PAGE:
NCE – Symbolic Experimental Family Therapy

According to Metcalf, (2011) Symbolic Experimental Family Therapy “Focuses on here-and-now experiences, playfulness, humor, intuition, craziness, spontaneity, and personal growth. It is a pragmatic, atheoretical method for treating families. Incorporates growth of the therapist and clients as the ultimate motivation, and focuses on circular, recursive patterns in a family that lead to mutual benefit and interpersonal context” (p147). Another unique aspect about this theory is that it normalizes pathology.  As I see it, this theory focuses on familial cultures, (i.e. shared meanings, beliefs, thoughts, symbols, and perspectives).  Entering in the “family’s symbolic world” (Metcalf, 2011, p. 148) is the goal here since change is conceived to result from the therapeutic process.

Founder – Carl Whitaker

Stages of Therapy

Symbolic Experimental Therapy is focused on the present.  The  first of therapy begins with the clients’ first contact with the therapist.  It is at this stage, that the therapist is “responsible for setting the tone of therapy.” (Metcalf, 2011, p. 149).   Whitaker, describes the therapist as a foster mother/investigator since, at this point, family morale and information gathering are the focus (Metcalf, 2011). Once therapy has been initiated, it is the family’s responsibility to “take charge of their own experiences…[in an] anything goes  [manner]” (Metcalf, 2011, p. 149).  Interestingly, during the early stages, the therapist is a disconnected observer who, while “joined with the family”, (Metcalf, 2011, p. 149), steps back and lets the family play out their own shared reality.  However, as therapy progresses the therapist pushes the family to address the symbols and meaning that underlies their pain.  This allows them to develop a new perspective upon which to understand their shared experience.  During the termination phase, the therapist begins to disengage as the family learns to adapt to new positive shared experiences.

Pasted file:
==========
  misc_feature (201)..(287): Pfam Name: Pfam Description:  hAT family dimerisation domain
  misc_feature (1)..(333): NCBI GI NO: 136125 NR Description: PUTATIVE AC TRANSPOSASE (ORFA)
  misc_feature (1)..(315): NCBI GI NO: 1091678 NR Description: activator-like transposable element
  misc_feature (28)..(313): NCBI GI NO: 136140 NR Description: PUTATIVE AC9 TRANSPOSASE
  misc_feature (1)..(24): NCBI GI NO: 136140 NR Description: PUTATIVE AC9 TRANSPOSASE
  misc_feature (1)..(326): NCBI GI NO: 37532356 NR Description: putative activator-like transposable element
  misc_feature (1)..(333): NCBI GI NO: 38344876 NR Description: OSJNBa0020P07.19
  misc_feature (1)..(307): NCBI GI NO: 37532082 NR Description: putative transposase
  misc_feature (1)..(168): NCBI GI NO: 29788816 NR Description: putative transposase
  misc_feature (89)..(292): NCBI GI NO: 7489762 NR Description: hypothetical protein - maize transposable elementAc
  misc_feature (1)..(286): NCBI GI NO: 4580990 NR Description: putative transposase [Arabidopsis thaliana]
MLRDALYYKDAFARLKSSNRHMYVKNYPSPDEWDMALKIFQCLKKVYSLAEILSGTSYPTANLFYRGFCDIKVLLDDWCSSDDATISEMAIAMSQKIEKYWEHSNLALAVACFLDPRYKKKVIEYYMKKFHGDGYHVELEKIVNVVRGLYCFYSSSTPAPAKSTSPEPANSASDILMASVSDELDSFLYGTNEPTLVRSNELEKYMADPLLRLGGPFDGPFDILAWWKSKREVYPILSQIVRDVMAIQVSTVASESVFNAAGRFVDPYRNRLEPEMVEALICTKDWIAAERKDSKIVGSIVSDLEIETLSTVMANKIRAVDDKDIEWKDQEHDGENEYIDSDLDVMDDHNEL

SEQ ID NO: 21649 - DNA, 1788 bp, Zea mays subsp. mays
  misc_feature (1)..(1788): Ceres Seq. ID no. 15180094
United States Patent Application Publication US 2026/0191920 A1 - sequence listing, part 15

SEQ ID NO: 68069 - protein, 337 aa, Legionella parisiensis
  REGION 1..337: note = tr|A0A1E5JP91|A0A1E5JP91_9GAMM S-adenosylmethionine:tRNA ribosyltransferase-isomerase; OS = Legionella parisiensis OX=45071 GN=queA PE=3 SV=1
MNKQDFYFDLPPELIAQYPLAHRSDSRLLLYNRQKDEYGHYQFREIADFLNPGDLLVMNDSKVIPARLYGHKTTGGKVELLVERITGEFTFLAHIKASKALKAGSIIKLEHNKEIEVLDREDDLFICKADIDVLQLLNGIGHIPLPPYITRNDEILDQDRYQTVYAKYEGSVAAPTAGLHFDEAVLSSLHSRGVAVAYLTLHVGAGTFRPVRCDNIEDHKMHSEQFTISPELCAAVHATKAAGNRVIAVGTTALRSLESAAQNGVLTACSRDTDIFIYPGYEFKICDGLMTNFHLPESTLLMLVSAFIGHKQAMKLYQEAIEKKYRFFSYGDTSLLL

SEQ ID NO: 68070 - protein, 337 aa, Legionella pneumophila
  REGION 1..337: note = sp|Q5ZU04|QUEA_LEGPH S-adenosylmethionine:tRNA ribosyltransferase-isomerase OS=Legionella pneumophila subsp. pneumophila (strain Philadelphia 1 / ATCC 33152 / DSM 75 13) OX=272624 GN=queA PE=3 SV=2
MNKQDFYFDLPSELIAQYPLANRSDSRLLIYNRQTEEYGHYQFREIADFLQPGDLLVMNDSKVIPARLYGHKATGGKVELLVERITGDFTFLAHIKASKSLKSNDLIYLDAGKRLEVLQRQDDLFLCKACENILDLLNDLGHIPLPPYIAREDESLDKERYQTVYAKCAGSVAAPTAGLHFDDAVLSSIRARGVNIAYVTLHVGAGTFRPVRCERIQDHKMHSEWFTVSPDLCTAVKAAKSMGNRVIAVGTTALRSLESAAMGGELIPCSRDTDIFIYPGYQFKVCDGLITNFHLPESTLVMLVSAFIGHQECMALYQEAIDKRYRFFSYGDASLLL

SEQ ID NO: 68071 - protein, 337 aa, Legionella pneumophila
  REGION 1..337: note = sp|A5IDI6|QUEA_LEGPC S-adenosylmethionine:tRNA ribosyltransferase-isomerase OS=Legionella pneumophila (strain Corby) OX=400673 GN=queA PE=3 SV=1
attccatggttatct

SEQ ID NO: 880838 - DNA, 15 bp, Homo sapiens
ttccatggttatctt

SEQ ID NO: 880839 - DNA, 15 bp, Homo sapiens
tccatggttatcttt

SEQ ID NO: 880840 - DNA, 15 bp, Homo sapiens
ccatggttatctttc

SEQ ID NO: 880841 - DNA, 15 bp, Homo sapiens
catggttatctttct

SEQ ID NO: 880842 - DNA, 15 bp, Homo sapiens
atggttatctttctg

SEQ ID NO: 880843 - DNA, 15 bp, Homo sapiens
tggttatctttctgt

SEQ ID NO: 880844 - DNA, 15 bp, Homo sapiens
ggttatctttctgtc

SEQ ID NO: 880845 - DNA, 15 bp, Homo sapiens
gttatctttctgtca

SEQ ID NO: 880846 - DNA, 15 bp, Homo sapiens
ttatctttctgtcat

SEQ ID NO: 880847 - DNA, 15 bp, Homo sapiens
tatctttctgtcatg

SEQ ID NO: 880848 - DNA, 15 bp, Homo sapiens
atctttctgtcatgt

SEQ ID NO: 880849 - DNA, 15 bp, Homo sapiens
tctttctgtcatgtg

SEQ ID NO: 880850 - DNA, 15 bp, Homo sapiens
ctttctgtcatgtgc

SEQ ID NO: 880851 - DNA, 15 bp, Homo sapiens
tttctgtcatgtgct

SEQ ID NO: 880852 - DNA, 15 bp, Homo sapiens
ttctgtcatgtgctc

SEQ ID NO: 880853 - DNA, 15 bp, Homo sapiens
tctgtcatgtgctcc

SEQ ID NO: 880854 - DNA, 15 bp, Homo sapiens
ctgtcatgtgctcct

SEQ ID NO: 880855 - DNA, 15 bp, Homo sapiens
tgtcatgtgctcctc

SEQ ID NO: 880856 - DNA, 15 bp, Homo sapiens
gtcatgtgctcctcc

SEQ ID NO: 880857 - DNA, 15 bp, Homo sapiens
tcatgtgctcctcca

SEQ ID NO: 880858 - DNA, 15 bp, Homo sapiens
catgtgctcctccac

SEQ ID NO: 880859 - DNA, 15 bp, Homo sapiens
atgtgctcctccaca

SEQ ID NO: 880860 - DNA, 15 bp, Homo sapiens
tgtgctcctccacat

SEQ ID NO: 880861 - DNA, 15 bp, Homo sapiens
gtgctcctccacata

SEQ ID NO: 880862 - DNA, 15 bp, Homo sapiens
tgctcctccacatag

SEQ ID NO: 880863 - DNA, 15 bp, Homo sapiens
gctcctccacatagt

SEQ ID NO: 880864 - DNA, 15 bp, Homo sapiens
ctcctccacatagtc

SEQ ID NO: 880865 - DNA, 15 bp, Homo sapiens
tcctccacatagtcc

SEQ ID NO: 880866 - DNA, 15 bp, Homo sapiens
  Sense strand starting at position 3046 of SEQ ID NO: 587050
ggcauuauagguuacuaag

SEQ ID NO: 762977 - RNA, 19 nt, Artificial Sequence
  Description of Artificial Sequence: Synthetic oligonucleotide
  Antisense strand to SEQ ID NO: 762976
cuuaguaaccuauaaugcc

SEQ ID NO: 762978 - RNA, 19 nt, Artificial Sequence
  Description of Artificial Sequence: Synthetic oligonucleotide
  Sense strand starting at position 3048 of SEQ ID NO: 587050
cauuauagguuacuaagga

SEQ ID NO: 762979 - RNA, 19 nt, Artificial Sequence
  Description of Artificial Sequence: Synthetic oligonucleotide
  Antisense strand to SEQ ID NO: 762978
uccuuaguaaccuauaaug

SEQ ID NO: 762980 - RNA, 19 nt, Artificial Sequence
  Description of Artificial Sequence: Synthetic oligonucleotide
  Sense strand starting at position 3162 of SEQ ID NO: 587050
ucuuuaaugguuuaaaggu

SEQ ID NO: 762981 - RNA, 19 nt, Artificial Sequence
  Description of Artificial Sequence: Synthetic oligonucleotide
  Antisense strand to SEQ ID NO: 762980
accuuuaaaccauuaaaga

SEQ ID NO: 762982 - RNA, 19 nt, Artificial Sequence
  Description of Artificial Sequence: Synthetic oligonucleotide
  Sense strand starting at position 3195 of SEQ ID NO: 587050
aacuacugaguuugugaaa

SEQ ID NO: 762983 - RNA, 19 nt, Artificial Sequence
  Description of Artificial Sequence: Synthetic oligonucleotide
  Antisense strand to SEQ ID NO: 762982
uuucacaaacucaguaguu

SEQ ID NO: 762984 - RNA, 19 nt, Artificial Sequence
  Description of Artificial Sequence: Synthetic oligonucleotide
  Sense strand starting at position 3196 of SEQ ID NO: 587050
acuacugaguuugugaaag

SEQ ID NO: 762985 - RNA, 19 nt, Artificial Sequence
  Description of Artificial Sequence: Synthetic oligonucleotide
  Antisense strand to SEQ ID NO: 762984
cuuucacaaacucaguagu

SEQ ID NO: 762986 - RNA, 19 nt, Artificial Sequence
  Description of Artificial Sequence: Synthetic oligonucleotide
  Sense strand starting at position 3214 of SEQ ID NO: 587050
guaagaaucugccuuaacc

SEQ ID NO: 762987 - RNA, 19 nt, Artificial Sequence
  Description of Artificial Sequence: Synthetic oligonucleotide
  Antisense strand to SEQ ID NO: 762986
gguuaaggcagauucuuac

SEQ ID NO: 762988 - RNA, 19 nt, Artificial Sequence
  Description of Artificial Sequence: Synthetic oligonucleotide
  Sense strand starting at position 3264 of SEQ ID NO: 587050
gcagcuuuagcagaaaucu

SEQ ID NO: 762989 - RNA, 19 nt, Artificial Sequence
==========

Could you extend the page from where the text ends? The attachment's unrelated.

View of the client

This perspective seems to focus on the shared symbolic meanings that underlie shared family dynamics.   Change happens by understanding the symbolic meanings that give rise to these family dynamics.  Change can happen if the client is willing to work with it.  Within each pathological dynamic is an opportunity for growth, therefore it is conceived as evidence of potential and not malady.  Individual human choices can be contextualized within a shared familial reality since it is from here that we develop our beliefs, values, and cultural identity.   “Families should preserve, protect, and maintain a sense of self while understanding how their being/growth influenced by family history (Metcalf, 2011, p. 150).”